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Kim ‘ready to test missiles to coincide with Biden’s visit’

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North Korean leader Kim Jong Un walks next to what state media reports is the 'Hwasong-17' intercontinental ballistic missile. Photo: KCNA/via Reuters

North Korean leader Kim Jong Un walks next to what state media reports is the 'Hwasong-17' intercontinental ballistic missile. Photo: KCNA/via Reuters

North Korean leader Kim Jong Un walks next to what state media reports is the 'Hwasong-17' intercontinental ballistic missile. Photo: KCNA/via Reuters

North Korean leader Kim Jong Un may be preparing to launch an intercontinental ballistic missile to coincide with US President Joe Biden’s trip to the region while his country battles a Covid outbreak.

CNN has reported Mr Kim looks poised to test launch just such a missile in the next two to four days.

South Korea national security adviser Kim Tae-hyo told reporters yesterday that an intercontinental ballistic missile test could be imminent, without giving a more detailed timeframe.

North Korea’s intercontinental ballistic missiles are designed to deliver a nuclear warhead to the US mainland, and the country fired one about two months ago for the first time in more than four years – highlighting the feat in a video shown on state TV.


The White House didn’t immediately respond to requests for comment on the CNN report.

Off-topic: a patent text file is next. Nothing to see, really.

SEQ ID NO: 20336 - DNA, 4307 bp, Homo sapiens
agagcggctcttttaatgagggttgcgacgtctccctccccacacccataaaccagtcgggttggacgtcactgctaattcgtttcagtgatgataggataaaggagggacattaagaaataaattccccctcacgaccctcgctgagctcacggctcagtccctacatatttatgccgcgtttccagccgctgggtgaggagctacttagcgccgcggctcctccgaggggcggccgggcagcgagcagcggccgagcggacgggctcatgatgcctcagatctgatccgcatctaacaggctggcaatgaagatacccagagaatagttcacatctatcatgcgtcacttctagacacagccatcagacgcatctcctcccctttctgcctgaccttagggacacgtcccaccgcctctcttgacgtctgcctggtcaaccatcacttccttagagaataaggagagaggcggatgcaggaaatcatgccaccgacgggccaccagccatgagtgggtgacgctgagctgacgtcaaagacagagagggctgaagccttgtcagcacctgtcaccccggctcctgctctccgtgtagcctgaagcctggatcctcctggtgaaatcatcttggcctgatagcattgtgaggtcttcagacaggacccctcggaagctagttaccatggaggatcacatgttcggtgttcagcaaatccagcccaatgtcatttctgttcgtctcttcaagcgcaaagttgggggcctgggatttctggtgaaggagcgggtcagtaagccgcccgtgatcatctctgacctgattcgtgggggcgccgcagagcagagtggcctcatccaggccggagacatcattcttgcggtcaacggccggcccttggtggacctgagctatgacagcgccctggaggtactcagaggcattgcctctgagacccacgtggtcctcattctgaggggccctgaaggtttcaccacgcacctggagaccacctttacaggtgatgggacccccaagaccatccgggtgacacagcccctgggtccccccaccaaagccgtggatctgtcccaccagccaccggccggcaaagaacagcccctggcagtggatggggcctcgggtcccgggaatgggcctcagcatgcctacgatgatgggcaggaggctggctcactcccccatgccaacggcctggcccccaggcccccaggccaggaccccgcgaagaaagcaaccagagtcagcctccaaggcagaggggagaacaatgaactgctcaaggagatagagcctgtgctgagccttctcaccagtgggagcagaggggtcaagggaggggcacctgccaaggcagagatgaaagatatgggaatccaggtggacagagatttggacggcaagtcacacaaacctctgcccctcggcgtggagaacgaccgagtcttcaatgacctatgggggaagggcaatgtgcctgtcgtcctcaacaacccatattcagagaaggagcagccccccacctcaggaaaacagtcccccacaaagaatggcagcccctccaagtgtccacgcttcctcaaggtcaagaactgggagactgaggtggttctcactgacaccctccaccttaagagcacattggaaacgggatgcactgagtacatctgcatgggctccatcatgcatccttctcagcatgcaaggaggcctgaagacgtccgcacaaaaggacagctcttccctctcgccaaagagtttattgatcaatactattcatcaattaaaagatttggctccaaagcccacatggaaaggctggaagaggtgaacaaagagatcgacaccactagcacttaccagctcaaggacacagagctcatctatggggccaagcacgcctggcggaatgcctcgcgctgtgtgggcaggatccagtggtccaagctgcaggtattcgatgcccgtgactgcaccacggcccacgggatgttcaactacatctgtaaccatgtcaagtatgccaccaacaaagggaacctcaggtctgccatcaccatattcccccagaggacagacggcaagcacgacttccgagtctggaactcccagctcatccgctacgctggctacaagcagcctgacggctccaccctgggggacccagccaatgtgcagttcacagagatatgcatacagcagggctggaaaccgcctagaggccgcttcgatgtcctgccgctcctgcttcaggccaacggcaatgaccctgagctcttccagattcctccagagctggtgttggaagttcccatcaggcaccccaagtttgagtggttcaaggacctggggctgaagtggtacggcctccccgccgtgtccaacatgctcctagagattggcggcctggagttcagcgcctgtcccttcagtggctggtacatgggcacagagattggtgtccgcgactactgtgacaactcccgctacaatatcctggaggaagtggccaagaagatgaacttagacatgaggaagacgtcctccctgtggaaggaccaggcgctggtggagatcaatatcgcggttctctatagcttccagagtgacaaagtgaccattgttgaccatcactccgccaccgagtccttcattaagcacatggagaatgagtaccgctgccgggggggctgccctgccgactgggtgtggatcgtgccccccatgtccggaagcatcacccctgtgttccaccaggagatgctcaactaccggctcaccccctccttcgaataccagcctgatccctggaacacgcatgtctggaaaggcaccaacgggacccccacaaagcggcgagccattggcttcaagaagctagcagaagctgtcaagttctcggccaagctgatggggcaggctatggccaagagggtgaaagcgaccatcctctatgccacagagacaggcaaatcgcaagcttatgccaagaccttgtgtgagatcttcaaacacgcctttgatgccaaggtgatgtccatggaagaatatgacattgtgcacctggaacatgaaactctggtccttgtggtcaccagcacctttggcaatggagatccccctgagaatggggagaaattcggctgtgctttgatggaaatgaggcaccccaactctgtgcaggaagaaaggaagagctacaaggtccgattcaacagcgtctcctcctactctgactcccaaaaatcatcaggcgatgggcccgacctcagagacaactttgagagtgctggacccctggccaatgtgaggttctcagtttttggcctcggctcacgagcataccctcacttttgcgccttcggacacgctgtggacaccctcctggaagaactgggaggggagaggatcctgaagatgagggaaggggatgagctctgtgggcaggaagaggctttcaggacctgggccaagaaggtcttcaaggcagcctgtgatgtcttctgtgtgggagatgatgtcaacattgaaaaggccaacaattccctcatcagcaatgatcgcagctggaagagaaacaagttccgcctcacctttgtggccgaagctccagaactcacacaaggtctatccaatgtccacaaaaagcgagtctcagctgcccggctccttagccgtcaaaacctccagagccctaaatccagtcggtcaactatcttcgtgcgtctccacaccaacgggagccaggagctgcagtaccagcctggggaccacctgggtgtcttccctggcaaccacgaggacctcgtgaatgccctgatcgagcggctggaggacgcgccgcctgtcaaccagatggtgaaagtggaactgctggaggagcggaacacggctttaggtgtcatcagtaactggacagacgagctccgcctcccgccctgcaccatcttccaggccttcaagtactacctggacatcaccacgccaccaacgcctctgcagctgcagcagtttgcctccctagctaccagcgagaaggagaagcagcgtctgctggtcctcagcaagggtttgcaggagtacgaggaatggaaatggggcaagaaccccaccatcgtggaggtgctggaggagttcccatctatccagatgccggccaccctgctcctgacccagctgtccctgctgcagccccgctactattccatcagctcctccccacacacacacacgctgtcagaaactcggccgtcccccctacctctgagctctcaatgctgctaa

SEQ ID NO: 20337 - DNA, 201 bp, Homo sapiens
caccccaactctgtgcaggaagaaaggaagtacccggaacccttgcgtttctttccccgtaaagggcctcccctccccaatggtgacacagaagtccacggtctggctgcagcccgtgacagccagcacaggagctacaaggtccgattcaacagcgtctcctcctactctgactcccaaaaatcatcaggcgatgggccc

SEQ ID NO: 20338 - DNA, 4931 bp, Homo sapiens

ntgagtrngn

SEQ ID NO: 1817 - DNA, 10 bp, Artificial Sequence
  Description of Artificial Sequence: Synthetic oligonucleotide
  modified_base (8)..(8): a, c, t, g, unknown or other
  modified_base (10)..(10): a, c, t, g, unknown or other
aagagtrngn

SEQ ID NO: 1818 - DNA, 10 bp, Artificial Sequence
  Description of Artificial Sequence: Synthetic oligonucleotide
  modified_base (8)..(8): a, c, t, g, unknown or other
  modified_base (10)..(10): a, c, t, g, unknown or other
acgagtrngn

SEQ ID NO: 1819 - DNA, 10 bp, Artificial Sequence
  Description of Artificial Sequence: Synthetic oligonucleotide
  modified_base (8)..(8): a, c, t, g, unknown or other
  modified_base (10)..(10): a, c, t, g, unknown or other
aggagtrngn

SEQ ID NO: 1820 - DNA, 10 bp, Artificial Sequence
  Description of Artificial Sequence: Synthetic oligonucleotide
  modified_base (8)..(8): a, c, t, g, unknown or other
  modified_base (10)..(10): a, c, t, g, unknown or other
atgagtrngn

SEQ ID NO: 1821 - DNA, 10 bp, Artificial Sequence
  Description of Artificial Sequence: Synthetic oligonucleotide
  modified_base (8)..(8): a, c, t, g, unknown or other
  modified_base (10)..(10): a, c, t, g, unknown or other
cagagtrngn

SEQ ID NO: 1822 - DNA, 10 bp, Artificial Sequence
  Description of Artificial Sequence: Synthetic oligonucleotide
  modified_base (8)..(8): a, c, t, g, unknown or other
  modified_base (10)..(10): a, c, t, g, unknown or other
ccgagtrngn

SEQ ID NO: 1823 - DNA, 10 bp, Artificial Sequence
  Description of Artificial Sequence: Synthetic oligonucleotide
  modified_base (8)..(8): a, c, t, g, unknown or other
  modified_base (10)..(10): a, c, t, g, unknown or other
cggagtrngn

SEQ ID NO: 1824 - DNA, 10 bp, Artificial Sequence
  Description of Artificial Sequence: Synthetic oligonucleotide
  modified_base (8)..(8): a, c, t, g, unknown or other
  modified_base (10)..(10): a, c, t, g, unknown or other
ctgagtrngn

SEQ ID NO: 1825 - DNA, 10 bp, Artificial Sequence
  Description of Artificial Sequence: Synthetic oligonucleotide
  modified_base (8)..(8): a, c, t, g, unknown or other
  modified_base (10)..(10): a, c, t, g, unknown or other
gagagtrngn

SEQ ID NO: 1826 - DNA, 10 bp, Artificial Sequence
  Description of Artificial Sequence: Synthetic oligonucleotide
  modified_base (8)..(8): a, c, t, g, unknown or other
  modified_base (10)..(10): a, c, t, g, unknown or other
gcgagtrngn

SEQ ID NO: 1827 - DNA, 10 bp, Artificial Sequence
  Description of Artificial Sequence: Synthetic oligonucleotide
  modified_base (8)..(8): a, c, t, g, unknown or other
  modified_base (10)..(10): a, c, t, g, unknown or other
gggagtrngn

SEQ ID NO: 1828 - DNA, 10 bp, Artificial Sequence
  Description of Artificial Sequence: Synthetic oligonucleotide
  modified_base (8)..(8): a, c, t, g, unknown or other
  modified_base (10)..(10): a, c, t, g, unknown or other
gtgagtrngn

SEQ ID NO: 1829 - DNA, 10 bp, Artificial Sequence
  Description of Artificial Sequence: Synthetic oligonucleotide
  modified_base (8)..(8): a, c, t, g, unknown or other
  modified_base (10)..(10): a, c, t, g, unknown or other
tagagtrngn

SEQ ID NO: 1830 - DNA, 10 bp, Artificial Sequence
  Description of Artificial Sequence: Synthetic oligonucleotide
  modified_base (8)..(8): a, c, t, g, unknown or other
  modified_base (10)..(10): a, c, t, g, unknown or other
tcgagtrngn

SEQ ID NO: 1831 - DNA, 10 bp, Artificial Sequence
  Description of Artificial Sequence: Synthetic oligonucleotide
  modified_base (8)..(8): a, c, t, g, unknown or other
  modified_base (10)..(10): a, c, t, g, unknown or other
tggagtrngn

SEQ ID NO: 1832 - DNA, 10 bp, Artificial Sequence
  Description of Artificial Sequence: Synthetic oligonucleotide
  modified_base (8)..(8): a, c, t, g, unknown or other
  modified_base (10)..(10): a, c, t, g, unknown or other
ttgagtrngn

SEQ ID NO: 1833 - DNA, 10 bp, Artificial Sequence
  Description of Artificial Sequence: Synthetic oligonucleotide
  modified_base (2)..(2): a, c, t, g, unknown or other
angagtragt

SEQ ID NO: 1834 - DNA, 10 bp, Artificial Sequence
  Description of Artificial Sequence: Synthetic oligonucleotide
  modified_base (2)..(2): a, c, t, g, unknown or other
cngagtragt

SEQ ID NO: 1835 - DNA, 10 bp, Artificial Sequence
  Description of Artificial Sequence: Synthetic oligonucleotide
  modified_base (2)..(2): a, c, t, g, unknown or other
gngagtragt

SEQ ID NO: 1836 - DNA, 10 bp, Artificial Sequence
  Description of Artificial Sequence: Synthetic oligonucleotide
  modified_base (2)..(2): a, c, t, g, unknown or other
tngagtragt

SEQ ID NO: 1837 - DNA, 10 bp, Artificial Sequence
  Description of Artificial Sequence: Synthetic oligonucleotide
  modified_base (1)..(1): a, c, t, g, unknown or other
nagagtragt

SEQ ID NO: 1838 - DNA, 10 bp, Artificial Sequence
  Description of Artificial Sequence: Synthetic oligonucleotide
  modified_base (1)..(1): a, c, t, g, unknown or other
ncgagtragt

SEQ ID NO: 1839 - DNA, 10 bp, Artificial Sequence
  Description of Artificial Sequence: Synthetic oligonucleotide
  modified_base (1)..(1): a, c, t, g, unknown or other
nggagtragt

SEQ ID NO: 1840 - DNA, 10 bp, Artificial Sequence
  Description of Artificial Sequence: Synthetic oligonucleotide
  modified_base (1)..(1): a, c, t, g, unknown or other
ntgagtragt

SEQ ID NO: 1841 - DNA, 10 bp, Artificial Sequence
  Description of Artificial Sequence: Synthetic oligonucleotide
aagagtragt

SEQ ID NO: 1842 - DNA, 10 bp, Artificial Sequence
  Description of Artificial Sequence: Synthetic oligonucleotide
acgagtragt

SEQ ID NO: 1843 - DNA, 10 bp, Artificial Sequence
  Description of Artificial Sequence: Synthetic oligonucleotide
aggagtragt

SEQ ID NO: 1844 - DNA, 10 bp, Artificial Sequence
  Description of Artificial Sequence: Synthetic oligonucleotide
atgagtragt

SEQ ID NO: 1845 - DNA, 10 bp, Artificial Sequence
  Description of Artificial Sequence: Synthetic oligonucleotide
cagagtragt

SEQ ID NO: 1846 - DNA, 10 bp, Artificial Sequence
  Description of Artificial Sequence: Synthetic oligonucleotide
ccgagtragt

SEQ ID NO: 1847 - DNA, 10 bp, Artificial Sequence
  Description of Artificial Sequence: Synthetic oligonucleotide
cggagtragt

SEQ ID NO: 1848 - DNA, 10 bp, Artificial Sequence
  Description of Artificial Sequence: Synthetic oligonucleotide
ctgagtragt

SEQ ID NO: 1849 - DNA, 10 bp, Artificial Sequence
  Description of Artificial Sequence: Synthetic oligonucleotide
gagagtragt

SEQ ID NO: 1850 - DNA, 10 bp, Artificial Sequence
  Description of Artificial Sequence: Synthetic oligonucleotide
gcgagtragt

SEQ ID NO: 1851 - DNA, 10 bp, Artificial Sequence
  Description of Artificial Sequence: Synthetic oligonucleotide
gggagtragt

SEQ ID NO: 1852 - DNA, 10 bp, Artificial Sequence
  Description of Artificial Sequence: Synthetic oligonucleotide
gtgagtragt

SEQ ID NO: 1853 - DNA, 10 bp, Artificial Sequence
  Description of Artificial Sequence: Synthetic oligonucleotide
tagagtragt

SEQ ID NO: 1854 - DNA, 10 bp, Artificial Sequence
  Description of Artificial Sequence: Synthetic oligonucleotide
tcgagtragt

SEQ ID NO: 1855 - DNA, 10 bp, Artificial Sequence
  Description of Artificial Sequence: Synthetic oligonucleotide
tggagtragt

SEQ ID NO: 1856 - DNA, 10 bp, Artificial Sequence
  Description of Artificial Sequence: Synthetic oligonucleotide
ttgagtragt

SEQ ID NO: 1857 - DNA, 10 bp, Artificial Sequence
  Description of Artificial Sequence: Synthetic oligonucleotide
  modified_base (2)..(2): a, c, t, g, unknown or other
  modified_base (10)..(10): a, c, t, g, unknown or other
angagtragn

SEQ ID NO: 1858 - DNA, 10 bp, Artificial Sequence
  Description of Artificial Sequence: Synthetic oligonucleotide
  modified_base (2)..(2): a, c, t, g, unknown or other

Japan government spokesman Hirokazu Matsuno told a briefing in Tokyo that North Korea’s ballistic missiles threaten peace and stability, without directly addressing the CNN report.

Mr Kim presided over a politburo meeting on policies to halt a Covid outbreak that his government said has infected about 1.7 million people and killed 62 in the past few weeks, the official Korean Central News Agency reported yesterday.

Top leadership also chastised officials who failed “to properly handle affairs in the current health crisis due to a shortage of their experience”, it said.

The coronavirus crisis is providing one of the biggest tests of Mr Kim’s leadership since he took power a decade ago.

His propaganda apparatus has tried to deflect blame for the outbreak to lower-ranking officials while his country has put on shows of its military might to remind its people of its strength in the face of a flare-up that could crush its antiquated medical system.

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Mr Biden embarks on a trip to South Korea and Japan from tomorrow to try to co-ordinate with the US allies on security threats posed by the likes of North Korea, while seeking their participation in a new economic grouping to reduce reliance on China.

North Korea has ignored offers of Covid-19 aid from South Korea and others, and the isolated country – along with east Africa’s Eritrea – is one of only two in the world that has not started a vaccine programme against the virus.

Pyongyang appears to have sent aeroplanes to China, its biggest benefactor, in the past few days to pick up medical supplies.

The country’s population is already vulnerable according to the UN

It estimates about 40pc of its people are undernourished, which could magnify the impact of the virus.


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